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Depth of field in photography!!!! What is it and how to use it creatively

December 11, 2011 2:21 am

.Have you seen a portrait picture and the main subject is perfectly in focus while the background is blurry? That’s depth of field at work.

Today I will use the KISS principle to explain the depth of field. This was taught to me by the great professor that helped a lot at university.


Depth of field – is simply the amount of a picture that’s in focus. This is easily achievable by most SLRs in AUTO FOCUS mode. We want to learn the technique to achieve this all by ourselves. In order to understand this we need to know about aperture and how this affects the depth of field. It’s directly proportional to distance i.e. a subject at a greater distance will have greater depth of field than a close-up subject. Therefore, you need not worry as much about a distant subject being out of focus.

Size of Aperture

While changing the aperture (f-stop) will not have a striking effect on the depth of field for a distant subject or a wide angle (short focal length) lens, it can make a great deal of difference in a close-up or a photo taken using a telephoto or zoom lens.

A wider aperture (smaller f-stop number) will result in a shallower depth of field. You can use this to keep either the foreground or background out of focus while maintaining the subject in focus. When changing the aperture setting, you will need to also adjust the shutter to maintain the correct exposure.

So if you want to keep as much details sharp in a picturyoung would be best to set the smallest aperture as possible – preferably f/16, or even f/22 if your lens offers it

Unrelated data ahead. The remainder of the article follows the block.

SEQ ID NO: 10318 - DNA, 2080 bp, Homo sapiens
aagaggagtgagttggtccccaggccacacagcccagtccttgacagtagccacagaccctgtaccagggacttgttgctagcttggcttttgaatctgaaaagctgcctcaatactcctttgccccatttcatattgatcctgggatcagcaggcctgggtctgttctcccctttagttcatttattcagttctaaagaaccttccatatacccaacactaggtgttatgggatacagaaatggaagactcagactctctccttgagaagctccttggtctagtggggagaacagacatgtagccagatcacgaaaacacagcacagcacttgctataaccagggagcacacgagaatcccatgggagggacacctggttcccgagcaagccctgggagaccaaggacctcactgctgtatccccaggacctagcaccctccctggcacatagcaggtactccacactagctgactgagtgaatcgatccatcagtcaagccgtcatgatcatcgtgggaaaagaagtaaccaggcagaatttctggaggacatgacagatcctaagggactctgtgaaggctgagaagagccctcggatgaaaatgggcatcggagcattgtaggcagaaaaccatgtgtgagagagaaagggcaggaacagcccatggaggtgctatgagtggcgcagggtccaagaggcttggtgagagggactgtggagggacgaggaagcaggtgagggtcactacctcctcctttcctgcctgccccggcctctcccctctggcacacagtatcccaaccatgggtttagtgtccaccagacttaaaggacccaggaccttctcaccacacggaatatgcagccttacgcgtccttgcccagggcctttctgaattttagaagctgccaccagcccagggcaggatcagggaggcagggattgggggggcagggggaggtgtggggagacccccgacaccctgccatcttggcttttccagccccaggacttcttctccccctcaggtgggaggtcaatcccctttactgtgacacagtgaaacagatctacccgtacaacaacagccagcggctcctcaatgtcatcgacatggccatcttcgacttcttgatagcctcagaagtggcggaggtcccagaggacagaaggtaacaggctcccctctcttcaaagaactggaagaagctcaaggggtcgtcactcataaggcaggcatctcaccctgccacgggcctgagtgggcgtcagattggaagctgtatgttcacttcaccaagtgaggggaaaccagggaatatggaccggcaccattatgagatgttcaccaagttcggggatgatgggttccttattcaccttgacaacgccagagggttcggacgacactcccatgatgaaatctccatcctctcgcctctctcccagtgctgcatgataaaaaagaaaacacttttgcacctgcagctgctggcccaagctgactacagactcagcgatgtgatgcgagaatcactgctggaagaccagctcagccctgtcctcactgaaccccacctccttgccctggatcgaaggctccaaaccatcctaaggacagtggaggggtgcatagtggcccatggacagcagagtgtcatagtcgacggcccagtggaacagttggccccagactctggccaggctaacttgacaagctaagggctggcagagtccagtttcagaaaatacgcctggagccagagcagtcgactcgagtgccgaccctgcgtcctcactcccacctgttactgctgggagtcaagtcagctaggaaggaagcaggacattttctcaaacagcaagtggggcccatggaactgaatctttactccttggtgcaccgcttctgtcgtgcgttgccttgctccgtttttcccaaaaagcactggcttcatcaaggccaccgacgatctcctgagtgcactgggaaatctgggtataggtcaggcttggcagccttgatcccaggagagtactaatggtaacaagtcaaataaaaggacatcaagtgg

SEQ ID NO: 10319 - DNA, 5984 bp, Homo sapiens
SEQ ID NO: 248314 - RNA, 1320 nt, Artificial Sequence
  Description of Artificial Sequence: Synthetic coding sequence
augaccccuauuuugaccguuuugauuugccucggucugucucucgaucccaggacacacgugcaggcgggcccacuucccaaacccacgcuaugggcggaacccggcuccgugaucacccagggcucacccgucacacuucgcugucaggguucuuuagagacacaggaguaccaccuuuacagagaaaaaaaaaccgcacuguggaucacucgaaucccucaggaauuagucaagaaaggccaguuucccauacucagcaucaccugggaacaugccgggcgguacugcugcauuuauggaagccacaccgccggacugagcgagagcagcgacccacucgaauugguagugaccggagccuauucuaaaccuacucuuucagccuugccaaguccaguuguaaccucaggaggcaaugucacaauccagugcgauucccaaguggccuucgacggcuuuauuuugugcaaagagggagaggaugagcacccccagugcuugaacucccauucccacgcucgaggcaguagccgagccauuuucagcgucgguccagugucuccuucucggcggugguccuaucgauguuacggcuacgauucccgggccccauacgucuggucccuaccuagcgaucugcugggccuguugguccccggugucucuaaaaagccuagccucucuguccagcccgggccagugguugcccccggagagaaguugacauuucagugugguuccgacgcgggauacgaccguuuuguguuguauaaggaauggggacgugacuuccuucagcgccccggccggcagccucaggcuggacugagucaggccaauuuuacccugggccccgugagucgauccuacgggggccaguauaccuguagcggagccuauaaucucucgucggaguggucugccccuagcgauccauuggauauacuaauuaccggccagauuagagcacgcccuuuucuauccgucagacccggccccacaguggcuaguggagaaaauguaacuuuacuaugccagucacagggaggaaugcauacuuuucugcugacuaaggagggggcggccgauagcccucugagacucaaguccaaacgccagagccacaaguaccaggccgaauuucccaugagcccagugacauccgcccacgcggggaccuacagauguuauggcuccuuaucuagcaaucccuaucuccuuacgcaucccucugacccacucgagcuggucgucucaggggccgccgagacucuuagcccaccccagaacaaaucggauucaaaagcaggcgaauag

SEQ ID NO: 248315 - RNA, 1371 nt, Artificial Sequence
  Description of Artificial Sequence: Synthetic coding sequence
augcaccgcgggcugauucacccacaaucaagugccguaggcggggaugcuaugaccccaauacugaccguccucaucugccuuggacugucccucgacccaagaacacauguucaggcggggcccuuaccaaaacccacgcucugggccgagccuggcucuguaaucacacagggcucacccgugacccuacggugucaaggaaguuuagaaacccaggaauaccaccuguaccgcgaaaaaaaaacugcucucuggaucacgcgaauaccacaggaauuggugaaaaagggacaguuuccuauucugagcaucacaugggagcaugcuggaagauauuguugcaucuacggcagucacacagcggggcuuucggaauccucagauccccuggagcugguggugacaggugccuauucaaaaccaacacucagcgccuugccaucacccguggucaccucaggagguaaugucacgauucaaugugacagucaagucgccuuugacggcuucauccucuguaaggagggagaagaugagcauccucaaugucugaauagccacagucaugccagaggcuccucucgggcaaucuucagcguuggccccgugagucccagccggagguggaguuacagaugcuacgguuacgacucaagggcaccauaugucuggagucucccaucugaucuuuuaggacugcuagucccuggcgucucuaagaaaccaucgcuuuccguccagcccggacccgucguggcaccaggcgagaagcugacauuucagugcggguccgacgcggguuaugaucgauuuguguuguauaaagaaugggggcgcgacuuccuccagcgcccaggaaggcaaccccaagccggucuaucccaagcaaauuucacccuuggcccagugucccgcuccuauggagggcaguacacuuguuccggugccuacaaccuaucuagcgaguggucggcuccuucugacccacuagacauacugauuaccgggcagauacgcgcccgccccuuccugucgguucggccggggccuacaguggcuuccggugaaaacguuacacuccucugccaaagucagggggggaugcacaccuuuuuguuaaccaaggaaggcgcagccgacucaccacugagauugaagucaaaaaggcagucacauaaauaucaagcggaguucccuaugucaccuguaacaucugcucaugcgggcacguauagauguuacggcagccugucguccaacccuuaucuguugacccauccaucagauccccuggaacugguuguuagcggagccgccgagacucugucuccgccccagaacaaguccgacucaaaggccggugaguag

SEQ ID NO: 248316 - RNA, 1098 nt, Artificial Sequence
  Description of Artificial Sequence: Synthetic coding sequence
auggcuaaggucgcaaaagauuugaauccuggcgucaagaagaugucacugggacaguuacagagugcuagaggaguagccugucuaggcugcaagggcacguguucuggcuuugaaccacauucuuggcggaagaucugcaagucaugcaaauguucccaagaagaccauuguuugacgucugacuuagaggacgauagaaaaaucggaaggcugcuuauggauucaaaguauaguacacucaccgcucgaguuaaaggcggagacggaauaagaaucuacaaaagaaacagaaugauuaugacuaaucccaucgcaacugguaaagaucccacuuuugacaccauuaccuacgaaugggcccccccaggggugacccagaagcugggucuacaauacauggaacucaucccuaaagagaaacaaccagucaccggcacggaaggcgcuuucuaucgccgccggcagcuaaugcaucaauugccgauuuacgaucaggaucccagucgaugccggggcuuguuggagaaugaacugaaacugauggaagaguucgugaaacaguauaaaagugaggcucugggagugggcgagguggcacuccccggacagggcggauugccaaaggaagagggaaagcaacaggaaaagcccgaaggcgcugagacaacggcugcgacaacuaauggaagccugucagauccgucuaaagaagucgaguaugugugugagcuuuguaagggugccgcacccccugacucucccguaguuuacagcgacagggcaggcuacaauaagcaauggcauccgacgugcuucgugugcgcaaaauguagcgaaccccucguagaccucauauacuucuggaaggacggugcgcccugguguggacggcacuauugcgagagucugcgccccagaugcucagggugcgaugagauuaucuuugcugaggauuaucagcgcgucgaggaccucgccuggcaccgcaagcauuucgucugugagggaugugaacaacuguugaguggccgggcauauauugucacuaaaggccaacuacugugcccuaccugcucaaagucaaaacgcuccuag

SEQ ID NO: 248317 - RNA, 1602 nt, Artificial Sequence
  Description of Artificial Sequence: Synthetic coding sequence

However, if you want to concentrate attention on just one part of the scene, and throw the rest out-of-focus, it would be best to select a larger aperture. Exactly how large this can be depends on the maximum aperture of the lens you’re using. On a 50mm standard lens it will be f/1.7, f/1.8 or f/2, but on a standard zoom it will typically be f/3.5 or f/4.5.
For general picture-taking, when you want most of the picture to be in focus, you might want to set a middling aperture of around f/8 to f/11.

For example, if you attach a WIDE ANGLE LENS, you are more likely to have an extensive depth of field which will be really easy to keep everything in focus. Wide angle of view = greater depth of field.

With a TELEPHOTO LENS, the view is m.uch more restricted so the longer the foal length = restricted zone of sharpness.

Relationship between camera-to-subject teaches that the CLOSER you are to your subject, your depth of field becomes LIMITED.

Examples O Depth of Field

Main subject sharp with background out of focus but stil recognisable
Zone of sharpness deliberately limited

If you have an questions you know where to find me. Have a fabulous weekend guys!!!!!!!!